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Why Every Parent Should Take Their Children Grocery Shopping

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Why Every Parent Should Take Their Children Grocery Shopping

Whether you are the type of parent who loves going to the store or one who dreads it, we all know that as parents, grocery shopping is almost unavoidable.

Since grocery shopping is so essential to most families, why not take your kids with you? 

Grocery shopping benefits your children because it allows them to learn about nutrition and food through hands-on experience. (1) Children learn at the grocery store by smelling, looking, touching, and asking about specific foods. (2) Children who are involved in the shopping process are also more likely to eat and help prepare the food at home. (3) It is a win-win situation for both you as the parent and your children.

10 Benefits to Grocery Shopping with Your Children

Grocery shopping offers numerous learning opportunities for children, both at the store and after at home. Throughout the experience, children: 

While at the store 

  • Learn about different types of fruits and vegetables when they can see and touch them in the store (2)
  • Realize how much variety and how many items there are in a grocery store
  • Learn about the nutritional value and the healthfulness of the items your family eats
  • Expand their vocabulary by learning about new food items and store objects (1)
  • Learn the cost associated with specific foods
  • Practice math skills by counting items or adding up the cost (4)
  • Work on communication and task-management skills 

At home

  • Want to try new flavors and foods once they get home (3)
  • Will be more excited to help prepare the food at home since they helped shop (3)
  • Feel empowered to make their own healthy lifestyle choices while on their own and later in life

10 Ways to Get Children Involved While Grocery Shopping

To create an engaging and thoughtful shopping experience for your children, consider these activities:

Before going to the store

  • Have them help you take inventory of your kitchen 
  • Allow them to help create a grocery list. Ask them what type of vegetables and fruit they would like to buy. Let them select a recipe they would like to shop for. (4)

While at the store 

  • Have them hold the list and cross off items as you put them in the cart
  • Let children pick out a vegetable they want to try at home (3)
  • Let them place the fruits and vegetables in produce bags 
  • Encourage children to name fruits and vegetables (4)
  • Point out foods that are new to your child and ask them to describe the color, shape, and texture (4)
  • Have them locate the items in the store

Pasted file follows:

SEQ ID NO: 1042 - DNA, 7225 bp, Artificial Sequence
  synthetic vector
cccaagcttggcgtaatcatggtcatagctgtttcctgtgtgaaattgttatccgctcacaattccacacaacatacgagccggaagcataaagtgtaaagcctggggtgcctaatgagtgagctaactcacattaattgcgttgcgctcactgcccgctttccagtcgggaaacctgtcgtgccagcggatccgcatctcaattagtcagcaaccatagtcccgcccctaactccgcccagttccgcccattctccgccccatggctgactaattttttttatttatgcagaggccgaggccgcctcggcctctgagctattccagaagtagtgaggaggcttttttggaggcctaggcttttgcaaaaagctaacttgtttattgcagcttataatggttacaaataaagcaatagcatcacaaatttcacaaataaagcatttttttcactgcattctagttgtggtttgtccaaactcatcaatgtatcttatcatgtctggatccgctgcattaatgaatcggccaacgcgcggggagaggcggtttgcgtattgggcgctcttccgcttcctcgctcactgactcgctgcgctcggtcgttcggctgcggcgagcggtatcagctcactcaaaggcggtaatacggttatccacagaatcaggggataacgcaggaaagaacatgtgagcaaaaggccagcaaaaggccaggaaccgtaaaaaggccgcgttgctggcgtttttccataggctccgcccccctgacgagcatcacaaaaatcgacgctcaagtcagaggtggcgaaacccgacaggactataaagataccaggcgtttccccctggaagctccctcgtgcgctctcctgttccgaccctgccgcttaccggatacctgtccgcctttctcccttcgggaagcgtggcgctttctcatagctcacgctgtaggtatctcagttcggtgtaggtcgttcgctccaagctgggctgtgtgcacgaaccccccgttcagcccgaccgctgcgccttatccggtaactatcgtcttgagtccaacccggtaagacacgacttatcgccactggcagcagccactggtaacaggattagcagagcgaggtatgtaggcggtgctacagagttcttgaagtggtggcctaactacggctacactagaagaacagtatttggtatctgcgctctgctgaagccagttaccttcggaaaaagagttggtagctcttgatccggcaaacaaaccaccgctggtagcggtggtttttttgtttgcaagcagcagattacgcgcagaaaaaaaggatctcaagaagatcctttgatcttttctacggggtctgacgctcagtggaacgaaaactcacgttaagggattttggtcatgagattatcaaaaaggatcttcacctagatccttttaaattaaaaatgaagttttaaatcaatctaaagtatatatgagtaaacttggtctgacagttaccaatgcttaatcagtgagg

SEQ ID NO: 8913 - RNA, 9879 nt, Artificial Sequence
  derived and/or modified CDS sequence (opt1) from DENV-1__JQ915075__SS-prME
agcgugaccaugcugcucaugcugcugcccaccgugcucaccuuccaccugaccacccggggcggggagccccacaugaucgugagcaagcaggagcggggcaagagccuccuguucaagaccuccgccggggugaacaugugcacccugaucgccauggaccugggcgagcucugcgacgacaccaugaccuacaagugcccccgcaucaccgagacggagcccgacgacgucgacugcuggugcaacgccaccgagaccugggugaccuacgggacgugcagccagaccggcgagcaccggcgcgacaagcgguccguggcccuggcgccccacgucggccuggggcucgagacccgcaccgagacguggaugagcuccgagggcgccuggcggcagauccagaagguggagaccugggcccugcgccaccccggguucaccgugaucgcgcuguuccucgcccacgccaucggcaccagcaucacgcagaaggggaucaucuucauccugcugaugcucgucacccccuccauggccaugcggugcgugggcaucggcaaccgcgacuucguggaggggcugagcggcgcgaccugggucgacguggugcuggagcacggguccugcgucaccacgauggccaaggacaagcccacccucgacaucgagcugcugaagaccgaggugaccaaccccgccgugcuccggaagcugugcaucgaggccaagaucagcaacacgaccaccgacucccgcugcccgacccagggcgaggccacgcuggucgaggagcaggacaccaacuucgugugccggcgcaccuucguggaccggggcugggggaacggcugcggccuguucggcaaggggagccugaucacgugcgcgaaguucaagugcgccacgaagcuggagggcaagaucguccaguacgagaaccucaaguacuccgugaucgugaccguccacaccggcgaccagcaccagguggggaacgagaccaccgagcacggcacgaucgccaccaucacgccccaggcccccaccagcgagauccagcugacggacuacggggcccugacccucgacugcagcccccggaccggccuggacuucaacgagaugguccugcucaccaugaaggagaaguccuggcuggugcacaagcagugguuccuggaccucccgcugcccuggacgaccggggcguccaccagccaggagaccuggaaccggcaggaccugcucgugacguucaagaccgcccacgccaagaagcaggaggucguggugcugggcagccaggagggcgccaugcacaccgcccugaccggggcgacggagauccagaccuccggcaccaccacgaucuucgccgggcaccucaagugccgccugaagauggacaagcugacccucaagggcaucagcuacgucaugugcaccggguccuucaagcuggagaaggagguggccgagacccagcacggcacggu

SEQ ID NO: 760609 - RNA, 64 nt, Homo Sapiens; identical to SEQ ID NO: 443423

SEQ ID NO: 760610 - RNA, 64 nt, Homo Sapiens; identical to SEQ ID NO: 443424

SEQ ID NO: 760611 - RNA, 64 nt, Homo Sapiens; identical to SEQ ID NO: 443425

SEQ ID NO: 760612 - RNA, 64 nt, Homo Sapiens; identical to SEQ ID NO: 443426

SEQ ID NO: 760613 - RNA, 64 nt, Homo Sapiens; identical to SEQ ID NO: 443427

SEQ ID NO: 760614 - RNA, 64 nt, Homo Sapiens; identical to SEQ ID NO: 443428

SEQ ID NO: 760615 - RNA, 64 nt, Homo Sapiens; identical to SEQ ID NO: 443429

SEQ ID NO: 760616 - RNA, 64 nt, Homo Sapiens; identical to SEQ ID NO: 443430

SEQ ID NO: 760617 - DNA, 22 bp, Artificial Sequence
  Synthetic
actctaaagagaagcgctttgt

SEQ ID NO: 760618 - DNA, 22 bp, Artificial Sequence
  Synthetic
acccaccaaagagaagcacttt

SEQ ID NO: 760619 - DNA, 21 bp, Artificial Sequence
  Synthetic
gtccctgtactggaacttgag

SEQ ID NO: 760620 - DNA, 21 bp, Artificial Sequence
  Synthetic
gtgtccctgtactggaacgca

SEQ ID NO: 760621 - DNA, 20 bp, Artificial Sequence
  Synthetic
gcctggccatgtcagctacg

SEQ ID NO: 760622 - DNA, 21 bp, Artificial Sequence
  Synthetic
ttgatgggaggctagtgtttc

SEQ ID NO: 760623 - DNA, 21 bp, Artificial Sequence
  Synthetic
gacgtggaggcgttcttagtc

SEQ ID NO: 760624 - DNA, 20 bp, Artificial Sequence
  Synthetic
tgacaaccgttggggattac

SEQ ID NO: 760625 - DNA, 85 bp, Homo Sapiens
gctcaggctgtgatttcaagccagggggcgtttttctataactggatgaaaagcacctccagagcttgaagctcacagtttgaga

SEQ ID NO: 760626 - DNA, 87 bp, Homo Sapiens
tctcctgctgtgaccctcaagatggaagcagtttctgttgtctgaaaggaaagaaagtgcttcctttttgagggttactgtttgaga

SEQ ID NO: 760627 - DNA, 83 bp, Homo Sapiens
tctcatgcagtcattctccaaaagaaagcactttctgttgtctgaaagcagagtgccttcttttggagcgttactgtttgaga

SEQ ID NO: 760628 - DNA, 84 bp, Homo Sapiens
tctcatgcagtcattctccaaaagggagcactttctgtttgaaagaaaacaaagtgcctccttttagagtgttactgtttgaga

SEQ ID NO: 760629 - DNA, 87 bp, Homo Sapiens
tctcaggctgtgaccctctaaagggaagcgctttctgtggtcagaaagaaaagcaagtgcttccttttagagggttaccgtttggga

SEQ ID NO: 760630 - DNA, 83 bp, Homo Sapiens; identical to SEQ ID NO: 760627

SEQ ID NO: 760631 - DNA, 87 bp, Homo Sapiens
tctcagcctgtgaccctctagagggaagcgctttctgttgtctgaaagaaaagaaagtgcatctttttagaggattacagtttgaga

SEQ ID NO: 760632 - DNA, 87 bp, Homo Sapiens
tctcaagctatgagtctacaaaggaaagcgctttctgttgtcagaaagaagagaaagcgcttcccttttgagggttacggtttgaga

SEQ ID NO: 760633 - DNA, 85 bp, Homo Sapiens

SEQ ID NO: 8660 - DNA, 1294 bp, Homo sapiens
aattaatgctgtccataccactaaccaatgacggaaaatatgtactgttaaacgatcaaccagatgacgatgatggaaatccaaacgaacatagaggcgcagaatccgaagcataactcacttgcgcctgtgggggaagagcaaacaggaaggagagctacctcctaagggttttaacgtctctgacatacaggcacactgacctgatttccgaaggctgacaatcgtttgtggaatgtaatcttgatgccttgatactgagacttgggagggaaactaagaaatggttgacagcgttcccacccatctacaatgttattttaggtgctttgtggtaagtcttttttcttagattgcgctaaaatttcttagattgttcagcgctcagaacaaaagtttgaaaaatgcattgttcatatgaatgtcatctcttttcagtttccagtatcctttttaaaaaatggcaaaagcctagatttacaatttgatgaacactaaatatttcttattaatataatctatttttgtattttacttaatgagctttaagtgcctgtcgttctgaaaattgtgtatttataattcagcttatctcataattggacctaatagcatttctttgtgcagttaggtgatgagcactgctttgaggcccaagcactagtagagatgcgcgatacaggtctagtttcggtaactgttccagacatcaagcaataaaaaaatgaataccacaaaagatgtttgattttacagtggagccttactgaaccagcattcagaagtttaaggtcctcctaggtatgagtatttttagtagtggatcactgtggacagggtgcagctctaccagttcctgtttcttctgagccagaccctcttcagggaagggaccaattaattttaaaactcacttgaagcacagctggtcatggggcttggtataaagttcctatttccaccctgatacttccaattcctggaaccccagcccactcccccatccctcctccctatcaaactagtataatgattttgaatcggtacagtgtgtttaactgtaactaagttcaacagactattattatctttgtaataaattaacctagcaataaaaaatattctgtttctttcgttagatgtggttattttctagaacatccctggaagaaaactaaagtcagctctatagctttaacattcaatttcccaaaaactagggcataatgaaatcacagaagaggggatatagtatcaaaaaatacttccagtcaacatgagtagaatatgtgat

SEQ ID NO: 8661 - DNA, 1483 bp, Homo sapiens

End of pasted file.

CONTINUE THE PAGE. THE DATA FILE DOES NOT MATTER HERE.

• Let children weigh the items and report the measurements
  • Ask your kids to help bag items at the registry

10 Tips for Parents While Shopping with kids

As most parents know, grocery shopping with children can be challenging at times. Follow these tips for a more successful trip to the store: 

  • Find out if and when your local grocery store offers samples. Your children will likely be excited about the samples and want to try new foods
  • Ask the store if they provide any nutrition educational handouts for children
  • Show enthusiasm and remain optimistic when shopping; your children will likely mimic this behavior
  • Set expectations by letting children know what types and how much food you are buying. For example, let children know you will not be buying a lot of snack foods, or you will only be buying vegetables today
  • Children may sometimes ask for products that are high in refined carbohydrates, excess sugar, and saturated fats. To avoid this, allow them one or two snacks of their choice.  Be patient. Grocery shopping with your kids may take longer than your regular shopping routine 
  • It is best to go to the store when children are well-rested and already fed
  • If your schedule allows, go during off-peak times 
  • Plan by letting children know what they are responsible for, such as picking out the vegetables or bagging the items
  • Allocate plenty of time, so you do not feel rushed and to allow children to take full advantage of the learning experience
  1. O’Dougherty M, Story M, Stang J. Observations of Parent-Child Co-shoppers in Supermarkets: Children’s involvement in Food selections, Parental Yielding, and Refusal Strategies. J Nutr Educ Behav. 2006;38(3),183-188.
  2. Pattersson A, Olsson U, Fjellstrom C. Family Life in Grocery Stores- a study of interaction between adults and children. Int J Consum. 2004; 317-328.
  3. Wolfman T. Tips to Help Kids Enjoy Fruits and Veggies. Academy of Nutrition and Dietetics. Published May 16, 2018.
  4. Fontenot B. Explore Produce with Kids. Academy of Nutrition and Dietetics. Published May 23, 2019

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About the Author

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Rebecca Berg

Rebecca Berg is an M.S. nutrition and public health candidate at Teachers College, Columbia University. Additionally, Rebecca works for Healthie, an all in one practice management and telehealth platform for dieticians in private practice. Outside of school and work, Rebecca is training for her first marathon and is an avid traveler.

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